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What is the Transtheoretical Model of behaviour change?

'Stages of Change’ assumes that the patient falls into one of five categories of readiness for behaviour change

A common model that can be useful to understand and assist with behaviour change is the Transtheoretical Model — or ‘Stages of Change’.6

This model assumes that the patient falls into one of the following categories of readiness for behaviour change. Please note that ‘relapse’ is listed as a ‘stage of change’, however it can occur at any time during progression through the stages.

Progress -> . Precontemplation (Not thinking about changing their behaviour or the potential benefits) -> Contemplation (Thinking about behaviour change but not yet acting on intention) -> Preparation (Ready to change behaviour but not yet acting on intention -> Action (Beginning steps towards adopting the behaviour but with high risk of relapse) -> Maintenance (Maintaining the behaviour, risk of relapse remains). <- Relapse.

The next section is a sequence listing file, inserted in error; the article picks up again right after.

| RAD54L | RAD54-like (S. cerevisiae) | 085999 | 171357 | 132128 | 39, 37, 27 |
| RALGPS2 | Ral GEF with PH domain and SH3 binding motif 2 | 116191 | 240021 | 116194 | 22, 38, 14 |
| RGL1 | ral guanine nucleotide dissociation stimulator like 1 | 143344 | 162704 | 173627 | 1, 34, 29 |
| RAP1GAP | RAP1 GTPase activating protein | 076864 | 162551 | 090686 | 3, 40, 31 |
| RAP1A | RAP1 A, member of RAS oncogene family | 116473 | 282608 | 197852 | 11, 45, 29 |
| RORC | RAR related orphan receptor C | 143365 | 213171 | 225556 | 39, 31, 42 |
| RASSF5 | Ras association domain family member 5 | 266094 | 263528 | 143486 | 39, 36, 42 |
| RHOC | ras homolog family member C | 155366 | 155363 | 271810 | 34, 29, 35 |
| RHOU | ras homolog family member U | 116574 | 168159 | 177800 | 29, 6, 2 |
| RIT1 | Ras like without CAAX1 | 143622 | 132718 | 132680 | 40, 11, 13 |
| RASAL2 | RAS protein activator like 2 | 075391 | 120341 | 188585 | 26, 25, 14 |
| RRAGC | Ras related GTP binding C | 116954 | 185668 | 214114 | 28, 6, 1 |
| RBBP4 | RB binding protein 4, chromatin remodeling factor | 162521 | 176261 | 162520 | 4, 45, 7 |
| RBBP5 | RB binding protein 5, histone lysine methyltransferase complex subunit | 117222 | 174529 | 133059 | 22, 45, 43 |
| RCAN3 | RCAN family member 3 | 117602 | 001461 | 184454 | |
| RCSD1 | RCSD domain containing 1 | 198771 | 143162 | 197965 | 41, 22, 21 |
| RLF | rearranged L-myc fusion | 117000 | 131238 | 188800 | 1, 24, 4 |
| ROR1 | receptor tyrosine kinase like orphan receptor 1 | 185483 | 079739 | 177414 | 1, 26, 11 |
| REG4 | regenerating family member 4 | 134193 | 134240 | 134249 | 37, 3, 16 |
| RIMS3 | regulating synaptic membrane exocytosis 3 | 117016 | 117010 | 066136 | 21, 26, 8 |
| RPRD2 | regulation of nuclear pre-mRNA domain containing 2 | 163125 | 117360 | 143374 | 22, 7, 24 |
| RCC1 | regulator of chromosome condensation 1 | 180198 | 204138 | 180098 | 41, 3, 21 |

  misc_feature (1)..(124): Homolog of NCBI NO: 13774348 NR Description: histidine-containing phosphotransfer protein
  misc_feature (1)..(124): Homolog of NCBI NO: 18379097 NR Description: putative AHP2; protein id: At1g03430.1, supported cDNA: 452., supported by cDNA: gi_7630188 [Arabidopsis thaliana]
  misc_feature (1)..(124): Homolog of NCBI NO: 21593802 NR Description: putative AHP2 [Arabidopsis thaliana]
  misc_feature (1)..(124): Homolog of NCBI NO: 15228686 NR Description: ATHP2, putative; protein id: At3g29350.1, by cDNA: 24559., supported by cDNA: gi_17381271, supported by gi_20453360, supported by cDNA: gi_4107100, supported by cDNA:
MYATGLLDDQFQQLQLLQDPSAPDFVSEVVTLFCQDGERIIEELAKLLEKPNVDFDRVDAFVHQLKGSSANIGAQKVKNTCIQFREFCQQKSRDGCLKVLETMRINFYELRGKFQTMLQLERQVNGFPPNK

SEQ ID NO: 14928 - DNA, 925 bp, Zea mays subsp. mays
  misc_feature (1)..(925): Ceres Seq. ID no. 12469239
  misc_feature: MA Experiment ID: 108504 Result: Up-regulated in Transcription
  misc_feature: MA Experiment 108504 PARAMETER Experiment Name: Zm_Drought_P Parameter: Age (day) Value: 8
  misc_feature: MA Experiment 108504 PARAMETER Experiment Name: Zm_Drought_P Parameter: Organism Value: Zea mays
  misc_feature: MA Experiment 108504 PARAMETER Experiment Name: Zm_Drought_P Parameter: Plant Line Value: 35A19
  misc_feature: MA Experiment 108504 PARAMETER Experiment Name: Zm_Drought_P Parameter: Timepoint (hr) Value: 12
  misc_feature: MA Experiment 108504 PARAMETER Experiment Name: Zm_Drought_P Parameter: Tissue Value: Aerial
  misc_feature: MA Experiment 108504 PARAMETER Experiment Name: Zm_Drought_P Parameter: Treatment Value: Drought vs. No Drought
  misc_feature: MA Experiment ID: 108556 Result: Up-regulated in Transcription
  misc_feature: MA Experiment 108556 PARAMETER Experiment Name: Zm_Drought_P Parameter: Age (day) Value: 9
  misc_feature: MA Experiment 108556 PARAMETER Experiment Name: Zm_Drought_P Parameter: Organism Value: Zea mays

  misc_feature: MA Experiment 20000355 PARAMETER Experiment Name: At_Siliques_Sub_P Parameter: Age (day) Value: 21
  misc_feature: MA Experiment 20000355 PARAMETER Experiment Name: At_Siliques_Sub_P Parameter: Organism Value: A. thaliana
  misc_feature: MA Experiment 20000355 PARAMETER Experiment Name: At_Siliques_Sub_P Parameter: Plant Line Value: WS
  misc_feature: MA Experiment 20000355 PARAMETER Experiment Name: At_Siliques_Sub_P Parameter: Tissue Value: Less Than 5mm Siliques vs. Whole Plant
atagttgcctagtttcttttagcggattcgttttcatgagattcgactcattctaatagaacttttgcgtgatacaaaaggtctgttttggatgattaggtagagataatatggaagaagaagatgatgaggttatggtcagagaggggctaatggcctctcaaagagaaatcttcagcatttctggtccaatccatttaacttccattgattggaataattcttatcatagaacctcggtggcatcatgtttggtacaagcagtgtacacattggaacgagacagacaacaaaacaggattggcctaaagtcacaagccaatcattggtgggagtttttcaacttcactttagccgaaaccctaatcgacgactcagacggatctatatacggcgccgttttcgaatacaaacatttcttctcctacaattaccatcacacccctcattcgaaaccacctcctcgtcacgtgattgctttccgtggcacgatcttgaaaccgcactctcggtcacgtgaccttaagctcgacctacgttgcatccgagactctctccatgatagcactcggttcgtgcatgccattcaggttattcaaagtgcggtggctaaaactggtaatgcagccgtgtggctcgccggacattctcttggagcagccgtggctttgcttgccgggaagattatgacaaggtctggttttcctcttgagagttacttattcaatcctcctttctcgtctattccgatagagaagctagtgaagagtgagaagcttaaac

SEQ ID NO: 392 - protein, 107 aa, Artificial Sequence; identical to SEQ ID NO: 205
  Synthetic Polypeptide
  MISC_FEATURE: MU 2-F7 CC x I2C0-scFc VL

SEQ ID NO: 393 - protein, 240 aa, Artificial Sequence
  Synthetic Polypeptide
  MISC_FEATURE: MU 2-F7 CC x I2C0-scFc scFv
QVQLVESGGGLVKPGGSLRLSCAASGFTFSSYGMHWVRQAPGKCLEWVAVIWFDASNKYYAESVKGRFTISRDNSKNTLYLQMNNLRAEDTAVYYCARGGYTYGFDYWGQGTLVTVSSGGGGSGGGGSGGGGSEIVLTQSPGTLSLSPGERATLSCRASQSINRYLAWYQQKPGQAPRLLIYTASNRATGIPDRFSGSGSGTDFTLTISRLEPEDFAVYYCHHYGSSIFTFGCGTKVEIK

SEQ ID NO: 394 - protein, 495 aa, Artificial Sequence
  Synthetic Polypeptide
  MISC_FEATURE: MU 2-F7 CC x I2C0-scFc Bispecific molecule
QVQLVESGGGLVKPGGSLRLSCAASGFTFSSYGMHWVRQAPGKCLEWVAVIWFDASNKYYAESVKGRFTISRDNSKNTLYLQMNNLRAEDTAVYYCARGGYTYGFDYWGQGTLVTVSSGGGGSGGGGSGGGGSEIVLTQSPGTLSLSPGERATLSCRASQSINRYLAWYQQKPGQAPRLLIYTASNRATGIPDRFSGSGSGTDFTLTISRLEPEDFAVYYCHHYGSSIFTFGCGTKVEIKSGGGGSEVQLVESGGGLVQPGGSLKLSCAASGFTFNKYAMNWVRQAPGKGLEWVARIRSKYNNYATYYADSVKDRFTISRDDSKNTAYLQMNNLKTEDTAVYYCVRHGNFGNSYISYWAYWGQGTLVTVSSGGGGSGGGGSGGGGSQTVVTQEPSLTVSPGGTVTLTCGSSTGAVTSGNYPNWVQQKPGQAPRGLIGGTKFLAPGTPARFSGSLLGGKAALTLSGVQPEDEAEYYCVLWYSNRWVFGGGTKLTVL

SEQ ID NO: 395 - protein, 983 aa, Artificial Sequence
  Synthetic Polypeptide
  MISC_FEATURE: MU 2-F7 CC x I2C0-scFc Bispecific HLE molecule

Watch the following short video, hosted on YouTube, to see a simple example of the stages of change:

Understanding stages of change

Understanding what stage of change the patient is in with regards to behaviour change is useful as it can help you tailor your intervention to suit that particular stage:

  1. Assess the individual’s readiness for behaviour change
    This can be done by talking to the patient about where they are at with regards to the behaviour and what steps they have taken so far.
  2. Use motivational interviewing to promote change
    For example, individuals in pre-contemplation can be made aware of the risks and consequences of not changing their behaviour. They should also be encouraged to discuss how their behaviour affects important people in their lives.
  3. Monitor their motivation
    Individuals in the contemplation stage should be encouraged to monitor their motivation to engage in behaviour change and think about what the benefits would be.
  4. Verbalise their commitment
    Individuals in the preparation stage should be asked to verbalise their commitment to engage in change to others, as well as to themselves, and can be helped to set goals and action plans to help them get started.
  5. Offer support and guidance in self-management techniques
    Individuals in action or maintenance should be supported and guided in self-management techniques — such as rewards and support networks — to mitigate the risk of relapse.
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